• Chungcheong dialect: spoken in the Chungcheong Province (Hoseo) region of South Korea, including the metropolitan city of Daejeon.[7] The dialect of Chungcheong Province is a dialect with the most elements of the Jeolla dialect among the Central dialects, and can also be divided into the other. Some parts of South Chungcheong Province, including Daejeon and Sejong, are classified as southern dialects such as the Jeolla and Gyeongsang dialects.
  • Yeongseo dialect: spoken in Yeongseo, Gangwon Province (South Korea) and neighbouring Kangwon Province (North Korea) to the west of the Taebaek Mountains. Yeongseo is quite distinct from the Yeongdong dialects to the east of the mountains. Unlike the Yeongdong dialect, the Yeongseo dialect has not been studied much because it is almost similar to the Gyeonggi dialect, and scholars often see it as just a part of Gyeonggi dialect.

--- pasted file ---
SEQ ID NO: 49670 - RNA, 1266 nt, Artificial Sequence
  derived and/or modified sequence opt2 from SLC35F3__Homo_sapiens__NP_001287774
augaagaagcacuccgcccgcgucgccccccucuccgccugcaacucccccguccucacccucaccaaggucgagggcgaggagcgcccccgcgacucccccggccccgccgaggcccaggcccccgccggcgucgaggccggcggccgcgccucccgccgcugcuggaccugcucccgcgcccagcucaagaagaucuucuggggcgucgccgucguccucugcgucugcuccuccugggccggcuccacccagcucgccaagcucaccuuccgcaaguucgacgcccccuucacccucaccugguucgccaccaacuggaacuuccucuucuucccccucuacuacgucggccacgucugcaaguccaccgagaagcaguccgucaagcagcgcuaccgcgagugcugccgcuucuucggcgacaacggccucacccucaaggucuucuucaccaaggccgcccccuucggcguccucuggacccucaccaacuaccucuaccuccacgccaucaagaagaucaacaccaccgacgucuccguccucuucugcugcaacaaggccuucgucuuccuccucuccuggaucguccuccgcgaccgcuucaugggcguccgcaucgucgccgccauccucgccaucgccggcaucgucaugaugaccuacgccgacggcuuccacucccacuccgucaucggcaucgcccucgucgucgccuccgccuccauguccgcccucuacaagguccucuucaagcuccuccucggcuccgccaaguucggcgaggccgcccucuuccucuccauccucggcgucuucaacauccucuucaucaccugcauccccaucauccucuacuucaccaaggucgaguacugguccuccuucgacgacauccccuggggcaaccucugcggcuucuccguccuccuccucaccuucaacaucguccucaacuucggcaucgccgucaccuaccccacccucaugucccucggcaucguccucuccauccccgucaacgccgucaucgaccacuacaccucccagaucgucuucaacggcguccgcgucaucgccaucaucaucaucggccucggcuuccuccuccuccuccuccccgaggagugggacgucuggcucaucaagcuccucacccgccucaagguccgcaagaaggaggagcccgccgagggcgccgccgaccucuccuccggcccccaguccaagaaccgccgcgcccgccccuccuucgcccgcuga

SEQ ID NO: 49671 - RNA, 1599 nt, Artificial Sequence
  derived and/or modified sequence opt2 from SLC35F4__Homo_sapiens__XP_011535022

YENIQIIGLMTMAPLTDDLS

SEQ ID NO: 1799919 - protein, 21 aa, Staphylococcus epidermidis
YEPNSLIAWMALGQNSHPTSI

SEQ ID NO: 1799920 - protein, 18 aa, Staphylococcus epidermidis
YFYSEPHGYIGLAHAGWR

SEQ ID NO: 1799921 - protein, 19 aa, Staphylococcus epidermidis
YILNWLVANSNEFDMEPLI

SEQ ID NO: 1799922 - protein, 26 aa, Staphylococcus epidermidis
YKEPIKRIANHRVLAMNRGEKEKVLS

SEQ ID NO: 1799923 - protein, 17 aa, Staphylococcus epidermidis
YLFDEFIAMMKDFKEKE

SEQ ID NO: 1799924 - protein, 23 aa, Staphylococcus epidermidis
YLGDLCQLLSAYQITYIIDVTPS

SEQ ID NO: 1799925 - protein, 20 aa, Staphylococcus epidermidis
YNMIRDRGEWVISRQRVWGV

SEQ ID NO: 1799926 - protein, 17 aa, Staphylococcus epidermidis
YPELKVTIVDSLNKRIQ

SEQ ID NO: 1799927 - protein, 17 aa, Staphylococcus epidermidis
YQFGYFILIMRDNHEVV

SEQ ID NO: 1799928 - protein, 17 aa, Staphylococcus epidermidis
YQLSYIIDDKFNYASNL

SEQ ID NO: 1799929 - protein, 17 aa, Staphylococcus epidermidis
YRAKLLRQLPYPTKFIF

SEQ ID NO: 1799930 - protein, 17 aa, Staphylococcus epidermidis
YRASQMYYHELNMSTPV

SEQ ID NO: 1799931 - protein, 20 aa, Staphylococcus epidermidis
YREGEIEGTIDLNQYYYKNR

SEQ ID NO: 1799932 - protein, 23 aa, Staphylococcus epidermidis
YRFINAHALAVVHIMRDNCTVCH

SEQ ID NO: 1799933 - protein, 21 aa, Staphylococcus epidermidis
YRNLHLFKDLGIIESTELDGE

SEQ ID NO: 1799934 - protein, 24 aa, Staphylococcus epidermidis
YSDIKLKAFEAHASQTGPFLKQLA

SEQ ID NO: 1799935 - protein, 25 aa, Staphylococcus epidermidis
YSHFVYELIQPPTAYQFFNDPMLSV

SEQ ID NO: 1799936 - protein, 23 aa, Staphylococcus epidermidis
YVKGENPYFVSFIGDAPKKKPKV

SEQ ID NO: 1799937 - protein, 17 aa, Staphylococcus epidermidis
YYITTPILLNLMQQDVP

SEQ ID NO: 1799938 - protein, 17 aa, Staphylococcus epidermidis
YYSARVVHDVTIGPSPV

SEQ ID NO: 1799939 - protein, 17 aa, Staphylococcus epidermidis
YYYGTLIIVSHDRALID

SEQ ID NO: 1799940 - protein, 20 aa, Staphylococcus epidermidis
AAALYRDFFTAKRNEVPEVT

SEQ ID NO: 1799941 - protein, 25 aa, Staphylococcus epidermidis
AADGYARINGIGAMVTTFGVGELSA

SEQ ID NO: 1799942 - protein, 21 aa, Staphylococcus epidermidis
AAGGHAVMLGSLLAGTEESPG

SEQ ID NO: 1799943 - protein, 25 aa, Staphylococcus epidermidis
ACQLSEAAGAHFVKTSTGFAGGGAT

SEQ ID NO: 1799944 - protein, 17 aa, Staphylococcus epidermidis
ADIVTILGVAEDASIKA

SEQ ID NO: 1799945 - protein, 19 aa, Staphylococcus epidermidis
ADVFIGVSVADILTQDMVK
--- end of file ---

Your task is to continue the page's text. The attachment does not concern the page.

• Yeongdong dialect: spoken in Yeongdong, Gangwon Province (South Korea) and neighbouring Kangwon Province (North Korea) to the east of the Taebaek Mountains. Yeongdong is quite distinct from the Central Korean dialects to the west of the mountains.[8] There are many elements of the Gyeongsang dialect, and sometimes the Hamgyŏng dialect is mixed, and it has many characteristics that are not present in the rest of the Central dialect.
  • Hwanghae dialect: spoken in Hwanghae Province of North Korea. The Hwanghae dialect is a dialect with the most elements of the Pyongan dialect among the Central dialects, and can also be divided into the other. Hwanghae dialect was commonly included among the Central dialects, but some researchers argue that it does not fit there comfortably.[9] Because the division between South Korea and North Korea has prolonged, the Hwanghae dialect has been strongly influenced by the Pyongan dialect, and now more and more people see it as a sub-dialect of the Pyongan dialect, not the Central dialect.